Module 4 - count was so low and because no parasites were...

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A two month old coonhound puppy is brought to a veterinarian. The pup has a mild history of vomiting, bloody loose stool, sleepiness, and not eating. The puppy hasn’t had its shots and was fine until now. Upon physical examination, the animal had a fever, and was lacking water in its body, and was extremely tired. Feces was gathered for testing of parasites in the digestive tract. Blood was collected for a complete blood count and the chemistry panel for testing. The stool tested didn’t contain any parasites, and the blood tested showed there was a low white blood cell count. And the chemistry panel was normal except for signs of dehydration. A diagnosis of inflammation of small intestines due to a dog virus was thought to be why the white blood cell
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Unformatted text preview: count was so low and because no parasites were found. While waiting for the virus test results, the puppy was isolated and hospitalized with intravenous fluids (inserted within vein) and medications to fight off bacteria were given so a secondary bacterial infection would be avoided. Twelve hours later, the pup died. An examination of the dead tissues in the intestines, showed signs of loss of the small projections in the intestine that aid in absorption of nutrients and dead flat tissue. The virus tests came back and the pup was positive for canine parvovirus. The facility were the pup was kept was sterilized to prevent the virus from spreading and the owners were told to do the same, and to vaccinate future pups....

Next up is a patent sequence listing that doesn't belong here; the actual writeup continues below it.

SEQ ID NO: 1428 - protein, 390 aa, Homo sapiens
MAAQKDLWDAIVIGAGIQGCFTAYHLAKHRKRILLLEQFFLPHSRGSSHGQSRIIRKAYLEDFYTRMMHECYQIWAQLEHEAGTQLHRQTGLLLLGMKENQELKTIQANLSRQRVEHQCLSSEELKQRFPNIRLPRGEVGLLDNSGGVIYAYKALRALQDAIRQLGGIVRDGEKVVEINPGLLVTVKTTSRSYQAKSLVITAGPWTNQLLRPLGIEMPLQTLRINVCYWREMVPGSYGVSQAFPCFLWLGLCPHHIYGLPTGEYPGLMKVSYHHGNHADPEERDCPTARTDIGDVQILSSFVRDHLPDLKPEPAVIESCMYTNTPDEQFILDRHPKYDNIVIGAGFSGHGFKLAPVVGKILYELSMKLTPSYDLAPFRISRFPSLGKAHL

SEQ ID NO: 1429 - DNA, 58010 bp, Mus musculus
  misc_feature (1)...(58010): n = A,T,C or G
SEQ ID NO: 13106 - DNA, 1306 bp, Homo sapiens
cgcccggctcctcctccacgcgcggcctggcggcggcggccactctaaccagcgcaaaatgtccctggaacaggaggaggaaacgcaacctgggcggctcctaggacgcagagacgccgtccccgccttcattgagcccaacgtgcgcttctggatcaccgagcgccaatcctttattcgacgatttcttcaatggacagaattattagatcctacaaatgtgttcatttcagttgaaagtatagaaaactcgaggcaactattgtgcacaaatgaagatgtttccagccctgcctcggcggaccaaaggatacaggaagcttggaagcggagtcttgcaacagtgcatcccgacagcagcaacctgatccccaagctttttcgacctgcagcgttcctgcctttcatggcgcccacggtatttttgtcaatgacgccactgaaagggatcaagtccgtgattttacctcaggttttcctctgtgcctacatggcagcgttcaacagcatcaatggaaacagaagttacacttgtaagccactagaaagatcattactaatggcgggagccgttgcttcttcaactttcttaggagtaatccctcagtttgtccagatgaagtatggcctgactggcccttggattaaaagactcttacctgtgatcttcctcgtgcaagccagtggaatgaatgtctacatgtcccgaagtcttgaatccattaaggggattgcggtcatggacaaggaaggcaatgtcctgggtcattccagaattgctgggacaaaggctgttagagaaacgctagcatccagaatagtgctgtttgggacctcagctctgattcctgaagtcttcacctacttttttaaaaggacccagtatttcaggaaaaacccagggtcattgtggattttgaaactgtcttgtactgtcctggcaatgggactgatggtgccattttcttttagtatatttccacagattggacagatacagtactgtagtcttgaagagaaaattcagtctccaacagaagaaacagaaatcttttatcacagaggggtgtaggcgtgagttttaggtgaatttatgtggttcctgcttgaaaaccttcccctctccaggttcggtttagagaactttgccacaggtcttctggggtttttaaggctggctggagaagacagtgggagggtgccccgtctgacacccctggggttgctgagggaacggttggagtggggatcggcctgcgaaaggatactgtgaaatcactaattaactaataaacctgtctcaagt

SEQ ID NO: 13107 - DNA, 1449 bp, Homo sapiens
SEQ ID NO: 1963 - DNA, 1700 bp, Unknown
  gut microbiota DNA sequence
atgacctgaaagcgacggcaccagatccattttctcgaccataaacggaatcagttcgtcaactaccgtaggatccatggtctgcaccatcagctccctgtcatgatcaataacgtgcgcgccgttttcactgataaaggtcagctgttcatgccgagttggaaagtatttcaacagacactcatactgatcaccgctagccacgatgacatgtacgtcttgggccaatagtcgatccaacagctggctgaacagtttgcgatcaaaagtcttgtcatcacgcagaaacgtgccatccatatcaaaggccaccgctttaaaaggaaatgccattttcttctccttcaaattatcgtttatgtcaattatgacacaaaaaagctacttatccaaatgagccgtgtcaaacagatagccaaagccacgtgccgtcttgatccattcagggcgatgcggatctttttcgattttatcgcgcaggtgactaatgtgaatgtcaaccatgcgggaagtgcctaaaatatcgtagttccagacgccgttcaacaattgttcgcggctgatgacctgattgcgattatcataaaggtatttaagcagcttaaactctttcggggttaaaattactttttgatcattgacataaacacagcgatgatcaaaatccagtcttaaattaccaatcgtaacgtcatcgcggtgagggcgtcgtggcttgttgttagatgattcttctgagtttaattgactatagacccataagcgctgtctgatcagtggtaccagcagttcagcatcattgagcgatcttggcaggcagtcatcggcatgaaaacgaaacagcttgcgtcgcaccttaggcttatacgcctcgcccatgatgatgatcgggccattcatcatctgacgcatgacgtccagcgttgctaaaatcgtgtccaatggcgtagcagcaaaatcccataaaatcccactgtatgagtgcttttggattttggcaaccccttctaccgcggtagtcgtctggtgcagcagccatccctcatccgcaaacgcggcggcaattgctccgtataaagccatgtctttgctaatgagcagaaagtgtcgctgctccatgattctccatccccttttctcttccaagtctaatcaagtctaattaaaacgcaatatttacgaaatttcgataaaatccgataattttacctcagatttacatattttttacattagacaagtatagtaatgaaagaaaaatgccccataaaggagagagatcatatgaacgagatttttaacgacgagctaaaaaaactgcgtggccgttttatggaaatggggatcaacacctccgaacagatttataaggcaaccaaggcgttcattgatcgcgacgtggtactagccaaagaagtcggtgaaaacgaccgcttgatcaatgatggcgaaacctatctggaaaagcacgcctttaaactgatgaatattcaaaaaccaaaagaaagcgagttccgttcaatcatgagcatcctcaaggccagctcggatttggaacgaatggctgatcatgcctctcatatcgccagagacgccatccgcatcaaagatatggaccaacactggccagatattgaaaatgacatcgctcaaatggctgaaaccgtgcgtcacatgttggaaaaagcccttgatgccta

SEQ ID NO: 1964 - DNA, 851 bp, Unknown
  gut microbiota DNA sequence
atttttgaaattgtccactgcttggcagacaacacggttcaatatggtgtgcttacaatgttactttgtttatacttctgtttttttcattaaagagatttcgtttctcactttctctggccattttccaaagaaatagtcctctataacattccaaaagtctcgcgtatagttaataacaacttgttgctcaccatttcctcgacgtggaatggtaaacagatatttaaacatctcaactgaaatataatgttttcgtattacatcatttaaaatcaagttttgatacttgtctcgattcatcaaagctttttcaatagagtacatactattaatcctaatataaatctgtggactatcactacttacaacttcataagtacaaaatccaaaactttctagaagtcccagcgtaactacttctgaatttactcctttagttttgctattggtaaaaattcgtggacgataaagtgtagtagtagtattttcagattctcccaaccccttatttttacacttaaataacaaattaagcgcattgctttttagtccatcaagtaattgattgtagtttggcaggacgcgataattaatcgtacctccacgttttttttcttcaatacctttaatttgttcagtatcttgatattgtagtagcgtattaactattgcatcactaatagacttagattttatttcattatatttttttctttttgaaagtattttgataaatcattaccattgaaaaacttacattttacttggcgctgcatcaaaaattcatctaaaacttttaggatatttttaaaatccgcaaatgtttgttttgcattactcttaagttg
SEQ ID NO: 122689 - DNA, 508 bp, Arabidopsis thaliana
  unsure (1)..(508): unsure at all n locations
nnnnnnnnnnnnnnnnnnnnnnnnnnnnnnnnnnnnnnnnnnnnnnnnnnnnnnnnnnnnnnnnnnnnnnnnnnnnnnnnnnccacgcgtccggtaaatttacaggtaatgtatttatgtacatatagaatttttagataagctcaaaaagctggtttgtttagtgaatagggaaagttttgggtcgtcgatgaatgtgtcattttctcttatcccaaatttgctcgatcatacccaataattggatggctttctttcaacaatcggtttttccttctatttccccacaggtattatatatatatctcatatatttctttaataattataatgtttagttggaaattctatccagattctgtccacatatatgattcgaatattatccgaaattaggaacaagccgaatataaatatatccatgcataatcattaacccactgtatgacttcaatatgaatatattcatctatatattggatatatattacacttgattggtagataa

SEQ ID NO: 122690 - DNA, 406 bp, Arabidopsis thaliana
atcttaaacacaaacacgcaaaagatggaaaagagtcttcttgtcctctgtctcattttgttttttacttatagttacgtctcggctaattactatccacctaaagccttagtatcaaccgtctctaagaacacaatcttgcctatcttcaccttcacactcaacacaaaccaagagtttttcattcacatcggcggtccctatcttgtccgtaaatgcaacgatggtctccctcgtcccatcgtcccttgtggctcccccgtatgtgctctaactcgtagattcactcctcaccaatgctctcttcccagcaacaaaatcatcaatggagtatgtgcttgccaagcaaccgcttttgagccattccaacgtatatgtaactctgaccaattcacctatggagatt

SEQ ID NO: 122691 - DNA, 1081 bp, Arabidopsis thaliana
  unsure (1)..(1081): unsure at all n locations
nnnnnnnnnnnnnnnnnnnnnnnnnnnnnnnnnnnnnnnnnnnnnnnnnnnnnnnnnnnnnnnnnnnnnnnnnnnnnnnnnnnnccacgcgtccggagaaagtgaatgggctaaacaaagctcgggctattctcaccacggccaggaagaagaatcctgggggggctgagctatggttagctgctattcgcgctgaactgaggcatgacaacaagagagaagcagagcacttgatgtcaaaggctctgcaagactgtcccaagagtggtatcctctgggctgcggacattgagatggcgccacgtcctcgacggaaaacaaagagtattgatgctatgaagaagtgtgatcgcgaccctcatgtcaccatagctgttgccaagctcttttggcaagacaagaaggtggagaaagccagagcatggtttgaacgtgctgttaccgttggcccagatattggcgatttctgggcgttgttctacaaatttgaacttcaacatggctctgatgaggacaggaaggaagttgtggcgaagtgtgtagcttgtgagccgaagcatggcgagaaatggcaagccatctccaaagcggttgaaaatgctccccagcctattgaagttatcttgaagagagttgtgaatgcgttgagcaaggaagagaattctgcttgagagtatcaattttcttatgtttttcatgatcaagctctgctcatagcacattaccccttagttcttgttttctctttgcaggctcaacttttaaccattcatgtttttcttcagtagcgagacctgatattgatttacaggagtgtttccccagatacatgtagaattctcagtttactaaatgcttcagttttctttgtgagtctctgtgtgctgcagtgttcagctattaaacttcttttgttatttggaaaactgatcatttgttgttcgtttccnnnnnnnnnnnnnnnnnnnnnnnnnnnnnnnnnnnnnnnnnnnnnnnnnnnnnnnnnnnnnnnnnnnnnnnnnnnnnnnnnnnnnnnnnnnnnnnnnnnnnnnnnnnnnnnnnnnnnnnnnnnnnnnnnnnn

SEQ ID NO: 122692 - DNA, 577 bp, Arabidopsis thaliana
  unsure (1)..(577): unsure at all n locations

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This note was uploaded on 04/12/2010 for the course VET 183 taught by Professor Erickson during the Spring '10 term at SD State.

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